The unsolved mysteries that the Lakers have tackled these days seem plenty.
There marks the 82.8 percent chance the Lakers land in the top five of the NBA draft lottery, though a slim albeit significant 17.2 percent change still lingers they have to trade the pick to Philadelphia as part of the Steve Nash deal. The Lakers remain hopeful Kobe Bryant can return from his third consecutive season-ending injury, though uncertainty awaits if he can survive an 82-game season in his 20th NBA year. The Lakers also have plenty of cap space to pursue marquee free agents, though the nine vacant roster spots could lead to a lack of clarity on the team’s identity. Of course, questions persists on how quickly the Lakers can rebuild after ending the 2014-15 season with a 21-61 record, the team’s worst mark in the franchise’s 67-year-old history.
Then there marks another riddle that the Lakers have spent the past two years trying to solve. What can they expect from Wesley Johnson? As he has posted career-highs in points in consecutive seasons and impressed the Lakers with his seemingly infinite athleticism, will Johnson morph into the consistent wing scorer and lockdown defender that some on the staff liken to Michael Cooper? Or will Johnson’s inconsistency continue to follow him as it has done for most of his five-year NBA career?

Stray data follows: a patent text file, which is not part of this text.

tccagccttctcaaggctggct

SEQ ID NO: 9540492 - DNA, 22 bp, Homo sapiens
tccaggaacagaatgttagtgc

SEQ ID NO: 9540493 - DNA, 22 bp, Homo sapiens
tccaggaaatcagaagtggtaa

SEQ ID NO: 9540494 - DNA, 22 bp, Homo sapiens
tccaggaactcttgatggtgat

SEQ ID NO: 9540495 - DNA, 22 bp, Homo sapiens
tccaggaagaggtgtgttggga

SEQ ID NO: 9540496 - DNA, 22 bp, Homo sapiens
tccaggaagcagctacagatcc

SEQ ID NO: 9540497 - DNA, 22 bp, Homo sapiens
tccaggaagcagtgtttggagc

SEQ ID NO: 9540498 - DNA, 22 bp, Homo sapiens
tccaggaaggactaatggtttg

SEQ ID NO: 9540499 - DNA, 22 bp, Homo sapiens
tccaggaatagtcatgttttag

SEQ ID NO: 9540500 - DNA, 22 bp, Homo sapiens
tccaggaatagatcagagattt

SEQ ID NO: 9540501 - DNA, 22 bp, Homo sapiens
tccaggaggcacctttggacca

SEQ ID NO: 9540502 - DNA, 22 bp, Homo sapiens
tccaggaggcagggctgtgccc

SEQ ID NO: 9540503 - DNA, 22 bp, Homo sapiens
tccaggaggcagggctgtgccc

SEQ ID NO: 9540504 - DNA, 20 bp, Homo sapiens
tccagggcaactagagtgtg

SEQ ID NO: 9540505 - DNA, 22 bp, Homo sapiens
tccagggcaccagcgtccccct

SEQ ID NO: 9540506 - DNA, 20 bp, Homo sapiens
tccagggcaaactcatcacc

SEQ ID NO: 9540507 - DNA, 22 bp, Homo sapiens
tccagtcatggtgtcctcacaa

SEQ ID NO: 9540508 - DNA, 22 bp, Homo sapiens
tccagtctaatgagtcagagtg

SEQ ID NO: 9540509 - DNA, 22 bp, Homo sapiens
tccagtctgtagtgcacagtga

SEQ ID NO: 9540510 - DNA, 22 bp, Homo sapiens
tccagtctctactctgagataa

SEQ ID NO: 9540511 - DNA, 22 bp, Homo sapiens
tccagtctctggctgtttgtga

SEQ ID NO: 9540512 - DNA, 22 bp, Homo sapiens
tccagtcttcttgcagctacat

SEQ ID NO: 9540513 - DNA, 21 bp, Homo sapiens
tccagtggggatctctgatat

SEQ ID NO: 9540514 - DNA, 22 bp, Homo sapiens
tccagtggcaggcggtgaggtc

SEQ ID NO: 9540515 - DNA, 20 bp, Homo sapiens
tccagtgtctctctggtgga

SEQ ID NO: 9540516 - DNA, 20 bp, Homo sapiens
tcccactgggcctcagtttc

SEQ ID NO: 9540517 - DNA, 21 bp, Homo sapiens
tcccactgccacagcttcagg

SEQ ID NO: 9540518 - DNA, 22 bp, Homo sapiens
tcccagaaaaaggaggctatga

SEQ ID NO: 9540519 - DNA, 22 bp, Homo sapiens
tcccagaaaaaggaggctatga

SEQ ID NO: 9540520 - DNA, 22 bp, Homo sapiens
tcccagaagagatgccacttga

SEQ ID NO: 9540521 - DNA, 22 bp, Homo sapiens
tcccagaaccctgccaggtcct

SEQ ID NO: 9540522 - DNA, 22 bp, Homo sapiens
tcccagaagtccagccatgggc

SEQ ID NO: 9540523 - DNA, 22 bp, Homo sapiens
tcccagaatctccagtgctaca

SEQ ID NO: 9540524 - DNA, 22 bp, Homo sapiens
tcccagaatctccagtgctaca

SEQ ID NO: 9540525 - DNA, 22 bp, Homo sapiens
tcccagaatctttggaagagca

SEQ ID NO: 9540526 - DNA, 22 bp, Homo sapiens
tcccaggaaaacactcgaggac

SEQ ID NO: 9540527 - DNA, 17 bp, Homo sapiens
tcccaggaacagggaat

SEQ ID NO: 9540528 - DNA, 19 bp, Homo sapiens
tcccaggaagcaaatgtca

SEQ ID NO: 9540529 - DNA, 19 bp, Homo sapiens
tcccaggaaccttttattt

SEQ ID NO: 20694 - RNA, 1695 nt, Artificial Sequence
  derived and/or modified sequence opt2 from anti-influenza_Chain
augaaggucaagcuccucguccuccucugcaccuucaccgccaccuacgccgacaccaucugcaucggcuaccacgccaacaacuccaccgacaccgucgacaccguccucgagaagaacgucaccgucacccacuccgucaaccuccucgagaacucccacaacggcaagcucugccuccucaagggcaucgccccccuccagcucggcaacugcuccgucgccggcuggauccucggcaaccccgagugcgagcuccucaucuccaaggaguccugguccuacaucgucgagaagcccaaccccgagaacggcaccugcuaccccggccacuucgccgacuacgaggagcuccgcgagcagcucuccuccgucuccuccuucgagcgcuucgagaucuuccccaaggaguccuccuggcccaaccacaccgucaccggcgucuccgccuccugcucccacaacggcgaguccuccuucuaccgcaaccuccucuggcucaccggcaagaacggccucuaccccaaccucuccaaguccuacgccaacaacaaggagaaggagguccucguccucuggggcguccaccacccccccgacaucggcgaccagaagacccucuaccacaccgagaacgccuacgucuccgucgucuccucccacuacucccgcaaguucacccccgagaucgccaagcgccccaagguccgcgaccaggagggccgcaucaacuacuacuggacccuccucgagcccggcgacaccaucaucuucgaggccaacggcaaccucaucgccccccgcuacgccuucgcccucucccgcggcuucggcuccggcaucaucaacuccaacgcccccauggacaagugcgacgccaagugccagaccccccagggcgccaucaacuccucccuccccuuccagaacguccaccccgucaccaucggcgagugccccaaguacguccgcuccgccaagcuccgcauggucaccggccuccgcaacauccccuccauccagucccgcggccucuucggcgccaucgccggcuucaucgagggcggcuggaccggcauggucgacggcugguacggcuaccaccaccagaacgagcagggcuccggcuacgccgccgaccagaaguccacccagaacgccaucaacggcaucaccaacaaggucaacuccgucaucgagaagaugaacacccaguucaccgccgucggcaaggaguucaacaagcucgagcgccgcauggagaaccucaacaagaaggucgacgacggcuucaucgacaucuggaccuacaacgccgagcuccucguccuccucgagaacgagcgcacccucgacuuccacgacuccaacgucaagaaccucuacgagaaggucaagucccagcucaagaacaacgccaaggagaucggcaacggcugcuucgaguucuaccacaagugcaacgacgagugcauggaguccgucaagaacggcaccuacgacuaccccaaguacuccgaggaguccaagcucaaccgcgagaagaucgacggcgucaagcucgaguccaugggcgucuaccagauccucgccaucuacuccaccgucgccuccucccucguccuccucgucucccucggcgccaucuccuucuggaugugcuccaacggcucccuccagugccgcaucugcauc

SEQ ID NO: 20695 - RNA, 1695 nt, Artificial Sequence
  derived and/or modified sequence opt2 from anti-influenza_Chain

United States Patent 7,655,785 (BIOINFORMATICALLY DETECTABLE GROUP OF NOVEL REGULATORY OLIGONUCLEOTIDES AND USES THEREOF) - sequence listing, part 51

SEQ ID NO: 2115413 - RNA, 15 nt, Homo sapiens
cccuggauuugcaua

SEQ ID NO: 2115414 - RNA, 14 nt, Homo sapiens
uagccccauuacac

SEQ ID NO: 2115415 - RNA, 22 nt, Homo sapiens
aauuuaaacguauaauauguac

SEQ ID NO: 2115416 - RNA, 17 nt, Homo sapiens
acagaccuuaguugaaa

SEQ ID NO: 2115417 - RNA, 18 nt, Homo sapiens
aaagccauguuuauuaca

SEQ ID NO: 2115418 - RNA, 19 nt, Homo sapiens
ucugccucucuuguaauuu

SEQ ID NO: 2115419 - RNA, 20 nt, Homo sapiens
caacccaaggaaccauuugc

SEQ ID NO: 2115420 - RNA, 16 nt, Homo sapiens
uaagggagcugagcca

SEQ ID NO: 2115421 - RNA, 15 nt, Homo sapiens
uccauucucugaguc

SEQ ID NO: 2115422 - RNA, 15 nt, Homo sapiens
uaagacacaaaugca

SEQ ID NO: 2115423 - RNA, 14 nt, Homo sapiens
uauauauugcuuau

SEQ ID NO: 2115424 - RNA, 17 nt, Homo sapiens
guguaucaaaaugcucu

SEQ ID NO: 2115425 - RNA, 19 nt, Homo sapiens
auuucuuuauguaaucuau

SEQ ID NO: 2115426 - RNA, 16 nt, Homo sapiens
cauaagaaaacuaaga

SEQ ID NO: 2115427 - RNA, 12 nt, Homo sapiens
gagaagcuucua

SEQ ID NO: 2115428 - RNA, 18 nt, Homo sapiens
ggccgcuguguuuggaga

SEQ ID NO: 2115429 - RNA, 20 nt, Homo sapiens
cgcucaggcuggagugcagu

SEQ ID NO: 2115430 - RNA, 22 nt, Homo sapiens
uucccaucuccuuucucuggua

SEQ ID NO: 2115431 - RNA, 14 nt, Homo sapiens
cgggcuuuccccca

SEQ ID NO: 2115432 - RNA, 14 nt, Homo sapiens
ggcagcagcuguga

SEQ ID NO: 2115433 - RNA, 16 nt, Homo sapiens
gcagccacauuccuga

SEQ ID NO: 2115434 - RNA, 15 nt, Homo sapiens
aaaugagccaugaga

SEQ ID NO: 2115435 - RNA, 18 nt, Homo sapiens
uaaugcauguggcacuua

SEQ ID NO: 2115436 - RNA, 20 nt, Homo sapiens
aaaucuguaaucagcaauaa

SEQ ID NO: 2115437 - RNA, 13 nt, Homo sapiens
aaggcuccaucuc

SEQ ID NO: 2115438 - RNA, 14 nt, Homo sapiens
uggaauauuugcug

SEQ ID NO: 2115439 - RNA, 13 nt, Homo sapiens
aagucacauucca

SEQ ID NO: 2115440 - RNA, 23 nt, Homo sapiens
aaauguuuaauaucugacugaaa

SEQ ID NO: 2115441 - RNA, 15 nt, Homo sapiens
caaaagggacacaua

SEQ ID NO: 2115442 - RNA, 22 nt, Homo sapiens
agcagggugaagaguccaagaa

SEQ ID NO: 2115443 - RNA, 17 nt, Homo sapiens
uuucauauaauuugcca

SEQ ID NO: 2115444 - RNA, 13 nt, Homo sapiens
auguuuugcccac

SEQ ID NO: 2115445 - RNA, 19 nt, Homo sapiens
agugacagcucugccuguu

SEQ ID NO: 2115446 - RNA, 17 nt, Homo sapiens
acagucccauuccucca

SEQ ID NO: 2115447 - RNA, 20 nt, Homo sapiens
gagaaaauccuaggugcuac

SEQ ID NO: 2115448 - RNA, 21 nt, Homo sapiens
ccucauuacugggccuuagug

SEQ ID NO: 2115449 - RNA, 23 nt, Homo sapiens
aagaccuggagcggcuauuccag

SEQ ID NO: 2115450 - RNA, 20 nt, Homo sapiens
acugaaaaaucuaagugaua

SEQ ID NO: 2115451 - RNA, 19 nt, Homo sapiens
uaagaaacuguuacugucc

“There might be a time where we have to say, ‘This is exactly who the guy is,'” Lakers coach Byron Scott said earlier in the 2014-15 season. But Scott then added, “I don’t know if that time is now,” recalling that former Lakers general manager Jerry West noted that most NBA players hit their peak between 28 and 32 years old. Johnson will turn 28 on July 11.
“If that’s the case,” Scott said, “he probably has another year of hitting that plateau of playing even better than he’s been playing.”
All of which leaves the Lakers with mixed feelings on whether they want to retain Johnson once he becomes an unrestricted free agent on July 1.